October 17, 2017

A mom and dad who made a world of difference

This photo, taken back in 1978, shows Dorothy and Bob DeBolt with some of the kids they adopted. It speaks for itself. LATimes photo.

This photo, dated 1978, shows Dorothy and Bob DeBolt with some of the kids they adopted. It speaks for itself, doesn’t it– about the kinds of kids they took in, and the happiness of  the kids?LATimes photo.

Newport Beach, CA – I just read an obituary in the Los Angeles Times that is so incredible—and so wonderful in this cynical and materialistic age–that I feel I should share it with you.

It the story of a woman, excuse me, a lady, Dorothy DeBolt, born in 1903, who had a heart bigger than a watermelon. Obviously a lady in the finest sense of the word. And of her husband, who helped her shoulder the enormous load.

Every big newspaper prints obituaries every day, of course.  But most of them nowadays—contrary to days that I remember fondly—are paid obituaries. They used to be free. At least on the big paper I worked for and so many others.

Things have changed. You die, your family wants to do something nice for you, and buys you an obituary.  Your family can write anything they want to, and also overlook anything they want to. And the paper will print it word for word. With zero fact-checking. All they want is assurance that your check won’t bounce.

But this obituary has an LATimes byline on it –it was written by an LATimes journalist and underwent usual LATimes editing before being made available to its many, many thousands of readers. So, it has the full weight of the LATimes’ professional competence and integrity going for it. And it was written without charge to the family.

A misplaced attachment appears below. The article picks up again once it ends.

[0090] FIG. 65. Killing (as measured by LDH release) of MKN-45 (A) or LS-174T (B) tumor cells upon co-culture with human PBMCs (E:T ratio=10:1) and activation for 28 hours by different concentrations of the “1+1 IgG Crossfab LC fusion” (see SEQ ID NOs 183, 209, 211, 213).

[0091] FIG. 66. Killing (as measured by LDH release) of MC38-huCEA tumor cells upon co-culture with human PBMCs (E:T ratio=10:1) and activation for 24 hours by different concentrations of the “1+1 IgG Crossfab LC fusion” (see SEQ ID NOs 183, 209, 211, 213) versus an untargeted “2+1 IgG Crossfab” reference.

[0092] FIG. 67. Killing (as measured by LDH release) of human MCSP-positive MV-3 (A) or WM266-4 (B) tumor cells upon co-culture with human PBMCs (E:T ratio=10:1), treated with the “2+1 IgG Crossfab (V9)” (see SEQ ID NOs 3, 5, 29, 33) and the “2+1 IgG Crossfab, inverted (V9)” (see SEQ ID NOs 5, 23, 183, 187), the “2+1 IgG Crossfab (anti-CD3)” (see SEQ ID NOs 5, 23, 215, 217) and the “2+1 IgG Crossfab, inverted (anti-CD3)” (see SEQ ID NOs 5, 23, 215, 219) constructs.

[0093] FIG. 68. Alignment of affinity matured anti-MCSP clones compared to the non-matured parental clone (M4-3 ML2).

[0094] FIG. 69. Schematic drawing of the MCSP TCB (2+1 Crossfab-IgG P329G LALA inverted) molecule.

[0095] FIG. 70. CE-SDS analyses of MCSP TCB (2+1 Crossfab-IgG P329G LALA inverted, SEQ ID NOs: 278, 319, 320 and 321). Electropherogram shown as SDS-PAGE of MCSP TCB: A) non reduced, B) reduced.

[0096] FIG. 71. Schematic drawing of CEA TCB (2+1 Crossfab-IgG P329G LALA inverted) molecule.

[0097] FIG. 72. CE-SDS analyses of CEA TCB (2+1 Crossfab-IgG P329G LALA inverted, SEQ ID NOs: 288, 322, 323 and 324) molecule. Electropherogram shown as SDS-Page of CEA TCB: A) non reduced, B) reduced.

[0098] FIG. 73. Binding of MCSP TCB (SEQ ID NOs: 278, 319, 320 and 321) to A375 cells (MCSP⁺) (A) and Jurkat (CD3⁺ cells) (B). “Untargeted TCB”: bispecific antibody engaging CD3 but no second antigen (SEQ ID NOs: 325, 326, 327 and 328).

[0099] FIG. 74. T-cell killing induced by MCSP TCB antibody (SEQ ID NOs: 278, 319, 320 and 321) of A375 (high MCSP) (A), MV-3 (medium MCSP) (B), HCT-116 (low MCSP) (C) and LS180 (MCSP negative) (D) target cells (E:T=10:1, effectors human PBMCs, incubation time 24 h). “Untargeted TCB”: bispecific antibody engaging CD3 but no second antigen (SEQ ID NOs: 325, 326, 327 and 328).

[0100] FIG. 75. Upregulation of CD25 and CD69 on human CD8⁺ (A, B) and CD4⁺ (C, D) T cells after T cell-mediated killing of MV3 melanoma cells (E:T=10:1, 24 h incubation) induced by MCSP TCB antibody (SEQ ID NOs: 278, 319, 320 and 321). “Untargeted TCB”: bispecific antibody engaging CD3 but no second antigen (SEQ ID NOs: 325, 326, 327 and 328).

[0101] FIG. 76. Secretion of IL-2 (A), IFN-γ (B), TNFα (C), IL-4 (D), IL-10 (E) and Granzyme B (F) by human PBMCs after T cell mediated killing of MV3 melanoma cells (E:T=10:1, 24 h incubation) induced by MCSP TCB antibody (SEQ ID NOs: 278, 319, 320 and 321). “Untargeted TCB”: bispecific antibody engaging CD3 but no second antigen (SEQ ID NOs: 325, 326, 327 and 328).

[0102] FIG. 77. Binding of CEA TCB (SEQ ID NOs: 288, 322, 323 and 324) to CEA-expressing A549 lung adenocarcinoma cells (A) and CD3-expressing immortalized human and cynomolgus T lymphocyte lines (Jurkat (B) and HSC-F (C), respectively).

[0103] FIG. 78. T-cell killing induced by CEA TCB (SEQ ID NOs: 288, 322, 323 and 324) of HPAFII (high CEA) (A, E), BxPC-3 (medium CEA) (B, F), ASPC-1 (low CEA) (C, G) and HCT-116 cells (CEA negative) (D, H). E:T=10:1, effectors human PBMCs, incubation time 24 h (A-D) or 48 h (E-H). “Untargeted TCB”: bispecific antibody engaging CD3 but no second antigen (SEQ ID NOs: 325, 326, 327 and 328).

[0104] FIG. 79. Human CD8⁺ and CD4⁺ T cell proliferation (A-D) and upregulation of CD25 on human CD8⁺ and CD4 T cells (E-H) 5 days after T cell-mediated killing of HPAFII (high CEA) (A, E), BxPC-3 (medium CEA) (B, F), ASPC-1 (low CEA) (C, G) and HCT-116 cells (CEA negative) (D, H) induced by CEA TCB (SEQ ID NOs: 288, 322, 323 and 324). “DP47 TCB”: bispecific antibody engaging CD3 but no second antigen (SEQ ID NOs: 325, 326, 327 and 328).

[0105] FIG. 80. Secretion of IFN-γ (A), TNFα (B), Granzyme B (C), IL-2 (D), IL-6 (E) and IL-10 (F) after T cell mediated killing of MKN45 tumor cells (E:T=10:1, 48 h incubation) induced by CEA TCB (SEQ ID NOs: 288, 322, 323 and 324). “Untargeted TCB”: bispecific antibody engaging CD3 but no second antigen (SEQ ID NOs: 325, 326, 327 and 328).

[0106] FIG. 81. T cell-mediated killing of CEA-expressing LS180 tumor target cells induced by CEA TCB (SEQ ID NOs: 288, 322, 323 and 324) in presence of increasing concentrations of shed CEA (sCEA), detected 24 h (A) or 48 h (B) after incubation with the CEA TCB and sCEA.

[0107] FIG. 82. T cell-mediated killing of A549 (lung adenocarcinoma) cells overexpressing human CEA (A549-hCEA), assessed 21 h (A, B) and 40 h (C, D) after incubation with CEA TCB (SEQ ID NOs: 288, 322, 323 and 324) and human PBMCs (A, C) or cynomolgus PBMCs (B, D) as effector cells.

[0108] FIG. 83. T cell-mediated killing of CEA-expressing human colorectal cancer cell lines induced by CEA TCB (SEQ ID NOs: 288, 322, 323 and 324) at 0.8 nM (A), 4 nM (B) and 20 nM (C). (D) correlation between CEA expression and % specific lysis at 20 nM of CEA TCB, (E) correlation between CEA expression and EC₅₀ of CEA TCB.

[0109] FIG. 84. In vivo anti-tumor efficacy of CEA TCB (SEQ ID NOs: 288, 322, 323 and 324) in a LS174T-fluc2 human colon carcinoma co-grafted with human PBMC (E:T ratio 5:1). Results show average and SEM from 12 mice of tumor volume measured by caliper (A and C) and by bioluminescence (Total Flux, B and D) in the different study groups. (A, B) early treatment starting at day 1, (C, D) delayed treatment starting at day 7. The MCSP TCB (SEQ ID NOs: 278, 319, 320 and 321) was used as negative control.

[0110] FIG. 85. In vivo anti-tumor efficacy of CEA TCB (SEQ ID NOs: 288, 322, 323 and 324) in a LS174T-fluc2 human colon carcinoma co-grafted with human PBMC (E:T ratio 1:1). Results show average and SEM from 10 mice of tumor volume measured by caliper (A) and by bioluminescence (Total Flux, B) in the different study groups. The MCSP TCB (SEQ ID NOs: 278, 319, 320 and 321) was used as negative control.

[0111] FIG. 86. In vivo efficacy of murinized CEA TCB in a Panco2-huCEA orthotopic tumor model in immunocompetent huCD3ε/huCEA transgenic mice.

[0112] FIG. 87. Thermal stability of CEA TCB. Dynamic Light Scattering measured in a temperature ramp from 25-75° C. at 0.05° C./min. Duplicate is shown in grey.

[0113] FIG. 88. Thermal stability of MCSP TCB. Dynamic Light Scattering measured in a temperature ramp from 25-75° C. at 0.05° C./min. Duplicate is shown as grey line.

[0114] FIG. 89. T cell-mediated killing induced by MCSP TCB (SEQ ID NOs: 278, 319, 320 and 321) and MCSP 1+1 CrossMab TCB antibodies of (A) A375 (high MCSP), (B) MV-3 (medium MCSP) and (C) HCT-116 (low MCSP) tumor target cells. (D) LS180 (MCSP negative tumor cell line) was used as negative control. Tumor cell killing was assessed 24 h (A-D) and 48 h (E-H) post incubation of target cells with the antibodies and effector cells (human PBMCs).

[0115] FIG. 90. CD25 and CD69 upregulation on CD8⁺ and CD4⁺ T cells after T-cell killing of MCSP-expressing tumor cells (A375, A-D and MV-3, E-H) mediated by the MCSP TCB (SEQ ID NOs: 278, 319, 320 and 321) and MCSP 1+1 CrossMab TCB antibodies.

Better still, it is on the front page of the paper’s second section, which features local news. That says something.

And it has a big photo and headline, and they are grabbers!

The headline says, “Adoption advocate had 20 children.”

Mentioned is that six were biological and 14 adopted.

The photo is even more powerful. It shows Dorothy and her husband Bob with six of their children way back in 1978,  All six are smiling. Obviously happy. Three  of them are on crutches.  All six have big problems. And Dorothy’s husband is quoted as saying, “These weren’t throw-away kids! Her goal was to allow every child to have a permanent home.”

Wouldn’t you be grabbed, too? That obit was the first thing that I read on that page. I followed it to its jump onto Page 4 and read it right to the bottom. Fascinated all the way.

One paragraph near the end stunned me. I read it and re-read it.  Here it is, verbatim:

“Two of their  children, T.R. and Twe, died as adults. Along with her husband, Dorothy DeBolt’s survivors include her children, Mike, Mimi, Sephanie, Noel, Kim, Marty, Melanie, Do, Ly, Dat, Trang, Phong, Tich, Anh, Reynaldo, Sunee, Karen and Wendy, 27 grandchildren, six great-grandchildren, and her brother, Art Nortier.”

That sounds like an interesting sampling from the United Nations!

But here is Dorothy’s story in a nutshell.